As a UHIP skeptic from the very first time it was mentioned as a possibility, I continue to think that everybody is following the wrong storyline.  However, increased scrutiny is starting to bring people around to the right questions… the correct angle.  Consider:

As to why so many things went wrong, [Deloitte manager Deborah] Sills said: “Simply put, the system is very complex … the only eligibility system in the country that integrates more than 10 state and federal health and human services programs and a state based health insurance exchange … As the state’s comprehensive analysis last year made clear, Deloitte and the state needed ‘more time, more people and more training.'”

GoLocalProv has posted the entire 40-page, paper-and-pen application that goes along with the half-billion-dollar computer system, and what’s becoming clearer is that the state simply expected too much from software, hoping to avoid the hard work of reconceptualizing how benefits programs are done.  In this light, the fundamental error of Democrat Governor Gina Raimondo was her failure to understand the nature of the Unified Health Infrastructure Project (UHIP).  It was never really intended to be a cost-savings and efficiency tool, but rather a dependency portal, drawing people into government programs and maximizing the amount of “services” that the state could hire people to provide.

Look at the application.  The complexity comes in because each program requires different information.  That’s not a terrible problem if the applicant knows which one he or she wants, but the entire point of UHIP is to give people things they aren’t applying for, so the application asks for all of the possible information.  Streamlining that would require regulatory and legislative changes, some of it at the federal level.

In order to effectuate those changes, advocates would have to make clearer the underlying objective, and that would run contrary to the plan.  The dependency portal is meant to insinuate itself into reality under the banner of efficiency, which the public would actually support.  Less popular would be a banner proclaiming, “We want to ensure that everybody gets every penny of taxpayer money possible, even without looking for it.”  Even less popular would be, “We want to track everybody’s personal and financial information so that we can adjust their benefits automatically.”

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UHIP Catastrophe: Governor Once Again Blaming Deloitte as “Real” Problem (Also, Chafee)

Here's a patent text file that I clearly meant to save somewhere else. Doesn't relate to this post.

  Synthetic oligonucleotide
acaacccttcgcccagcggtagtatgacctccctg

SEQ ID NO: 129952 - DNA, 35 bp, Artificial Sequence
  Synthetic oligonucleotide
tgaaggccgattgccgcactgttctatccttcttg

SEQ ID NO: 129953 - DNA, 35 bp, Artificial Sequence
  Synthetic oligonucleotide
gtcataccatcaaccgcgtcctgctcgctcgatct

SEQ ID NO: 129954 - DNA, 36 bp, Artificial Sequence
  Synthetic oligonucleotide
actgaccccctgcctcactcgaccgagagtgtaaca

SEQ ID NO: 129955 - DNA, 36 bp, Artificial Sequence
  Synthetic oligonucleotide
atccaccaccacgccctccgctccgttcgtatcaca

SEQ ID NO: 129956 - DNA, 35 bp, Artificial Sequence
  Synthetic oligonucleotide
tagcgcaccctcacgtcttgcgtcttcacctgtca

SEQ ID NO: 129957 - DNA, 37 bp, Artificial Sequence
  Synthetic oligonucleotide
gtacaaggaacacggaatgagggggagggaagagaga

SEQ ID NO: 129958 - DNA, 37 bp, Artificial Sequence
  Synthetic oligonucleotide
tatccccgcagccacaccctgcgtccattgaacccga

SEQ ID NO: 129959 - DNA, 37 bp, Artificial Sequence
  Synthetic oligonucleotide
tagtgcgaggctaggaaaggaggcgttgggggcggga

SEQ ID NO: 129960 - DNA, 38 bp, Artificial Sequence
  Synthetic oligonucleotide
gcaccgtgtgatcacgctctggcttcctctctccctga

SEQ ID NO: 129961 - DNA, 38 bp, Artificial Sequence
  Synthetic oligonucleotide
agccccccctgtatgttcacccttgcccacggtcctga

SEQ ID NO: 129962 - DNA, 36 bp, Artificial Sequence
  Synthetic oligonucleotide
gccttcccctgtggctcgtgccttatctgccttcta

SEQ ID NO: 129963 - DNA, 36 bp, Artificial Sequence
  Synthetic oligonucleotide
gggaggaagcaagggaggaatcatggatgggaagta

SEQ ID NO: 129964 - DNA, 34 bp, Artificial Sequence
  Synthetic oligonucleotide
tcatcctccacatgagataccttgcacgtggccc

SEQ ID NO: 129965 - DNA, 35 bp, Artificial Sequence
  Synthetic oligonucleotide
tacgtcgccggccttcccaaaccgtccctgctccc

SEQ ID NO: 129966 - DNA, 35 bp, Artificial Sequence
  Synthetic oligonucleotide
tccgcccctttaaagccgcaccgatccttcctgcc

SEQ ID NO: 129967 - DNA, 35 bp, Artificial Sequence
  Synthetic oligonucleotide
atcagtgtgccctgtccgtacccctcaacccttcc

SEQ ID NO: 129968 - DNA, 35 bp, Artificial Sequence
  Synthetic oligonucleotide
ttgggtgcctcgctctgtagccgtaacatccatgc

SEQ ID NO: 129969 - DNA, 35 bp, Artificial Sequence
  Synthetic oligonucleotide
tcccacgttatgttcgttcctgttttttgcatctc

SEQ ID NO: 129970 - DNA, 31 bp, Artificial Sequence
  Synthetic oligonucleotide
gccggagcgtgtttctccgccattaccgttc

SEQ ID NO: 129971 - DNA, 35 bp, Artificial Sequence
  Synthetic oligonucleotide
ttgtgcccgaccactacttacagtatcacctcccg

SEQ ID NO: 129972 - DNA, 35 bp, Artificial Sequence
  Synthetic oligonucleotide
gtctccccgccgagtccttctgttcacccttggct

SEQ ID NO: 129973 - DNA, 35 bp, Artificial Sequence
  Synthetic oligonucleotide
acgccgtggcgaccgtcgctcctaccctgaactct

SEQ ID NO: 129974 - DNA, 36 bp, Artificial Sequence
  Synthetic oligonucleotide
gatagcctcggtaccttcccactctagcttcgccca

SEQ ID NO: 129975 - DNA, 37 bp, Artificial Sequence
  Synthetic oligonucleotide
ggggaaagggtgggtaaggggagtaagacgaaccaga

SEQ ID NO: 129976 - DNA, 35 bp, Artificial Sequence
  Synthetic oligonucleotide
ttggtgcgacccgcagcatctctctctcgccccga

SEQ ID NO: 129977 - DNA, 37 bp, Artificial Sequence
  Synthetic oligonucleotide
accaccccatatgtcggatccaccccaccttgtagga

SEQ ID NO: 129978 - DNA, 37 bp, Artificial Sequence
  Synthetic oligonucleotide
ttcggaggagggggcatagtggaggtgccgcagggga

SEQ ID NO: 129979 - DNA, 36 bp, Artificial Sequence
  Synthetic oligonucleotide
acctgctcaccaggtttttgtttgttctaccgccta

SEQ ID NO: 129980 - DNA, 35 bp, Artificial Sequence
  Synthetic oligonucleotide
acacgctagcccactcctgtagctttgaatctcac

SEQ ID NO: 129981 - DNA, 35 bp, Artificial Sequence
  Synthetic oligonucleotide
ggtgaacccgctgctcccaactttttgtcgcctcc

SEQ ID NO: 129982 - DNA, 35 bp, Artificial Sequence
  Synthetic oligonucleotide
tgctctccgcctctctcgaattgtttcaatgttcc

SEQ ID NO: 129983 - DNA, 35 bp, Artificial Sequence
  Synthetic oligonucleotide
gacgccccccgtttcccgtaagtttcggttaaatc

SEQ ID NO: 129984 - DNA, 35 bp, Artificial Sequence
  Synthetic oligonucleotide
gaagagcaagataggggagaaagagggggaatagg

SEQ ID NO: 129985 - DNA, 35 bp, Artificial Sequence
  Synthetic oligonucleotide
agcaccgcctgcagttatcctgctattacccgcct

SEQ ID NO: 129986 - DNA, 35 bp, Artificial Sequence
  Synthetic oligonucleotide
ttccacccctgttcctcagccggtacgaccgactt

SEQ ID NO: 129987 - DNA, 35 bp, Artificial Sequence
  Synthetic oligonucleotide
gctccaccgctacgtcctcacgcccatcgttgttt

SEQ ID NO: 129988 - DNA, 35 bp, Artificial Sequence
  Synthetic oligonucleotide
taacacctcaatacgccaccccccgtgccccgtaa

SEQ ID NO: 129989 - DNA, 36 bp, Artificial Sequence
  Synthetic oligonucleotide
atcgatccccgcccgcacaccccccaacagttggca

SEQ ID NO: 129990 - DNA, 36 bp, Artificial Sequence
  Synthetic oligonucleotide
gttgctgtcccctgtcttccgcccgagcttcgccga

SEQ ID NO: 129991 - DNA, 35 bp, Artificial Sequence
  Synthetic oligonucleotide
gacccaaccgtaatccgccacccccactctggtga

Yesterday on NBC 10’s Connect to the Capitol, Dan Jaenig asked Governor Gina Raimondo, among other topics, how the state dropped the UHIP ball. The governor started her response by taking a swipe at former Governor Lincoln Chafee, saying he signed a terrible contract with Deloitte. She then continued,

Under my watch, we hit the go button before it was ready. But I will say the real problem here is the company sold us a product that didn’t work.

This is not to defend Deloitte, which apparently has a mixed record with regard to such systems. But let’s be clear. It was you, Governor Raimondo, who gave the catastrophic order, for your own selfish political reasons, to launch an unready system. Accordingly, DO NOT BLAME FORD MOTORS FOR DELIVERING A DEFECTIVE CAR WHEN YOU ORDERED THEM TO REMOVE IT FROM THE ASSEMBLY LINE ONLY HALF WAY DOWN. And similarly for the aspersions you cast at Governor Chafee: the contract, good, bad or indifferent, is completely irrelevant if the manager who takes over the contract inexplicably orders production to be shut down well before the product is finished.

Everyone else – taxpayers and UHIP clients – but you, Madame Governor, is paying the high price for your catastrophic action. Please at least stop casting blame for it in desperate and absurd directions.

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Objection to UHIP on the Surface and Conceptually

The court-appointed “special master” tasked with getting Rhode Island’s Unified Health Infrastructure Project (UHIP) working, Deming Sherman, tells Kate Nagle of GoLocalProv that the system is flawed:

“It (UHIP) was not a bad idea, but bad execution,” said Sherman about UHIP. The good idea of UHIP was to tie five distinct programs together, but the flaws have been that the vendor, Deloitte and the workforce did not work and were not trained, respectively. Just as the UHIP program was being implemented the state laid off key workers. Since then DHS has had a difficult time training and retain workers for the program.

Sherman said the UHIP system has two problems technology and the workforce that operates it.

The surface reaction one has to this is to be incensed that the state government has already spent roughly a half-billion dollars on the system.  Nobody forced state government to undertake a project that it was not competent to oversee.  In fact, the state barely conducted public discussion before jumping in.  Bureaucrats under former Democrat Governor Lincoln Chafee simply went forward as if it was the obvious thing to do.

Similarly, nobody forced Democrat Governor Gina Raimondo to manage her personnel under the assumption that flipping the switch on UHIP would instantly bring a new day.  She took a big, big gamble, attempting to make budgetary room for other things, like her crony capitalist approach to economic development, and the state’s vulnerable populations have suffered for it.

More deeply, though, we should challenge Sherman’s statement that the concept was sound.  The goal of UHIP, which was pushed down from activists at the national level (with the encouragement of Democrat Congressman David Cicilline), is to draw people into dependency on government.  The system has the 40-page application about which Sherman complains in part because the designers want it to collect scads of information about people, which would be constantly updated on the pretense of regularly checking eligibility.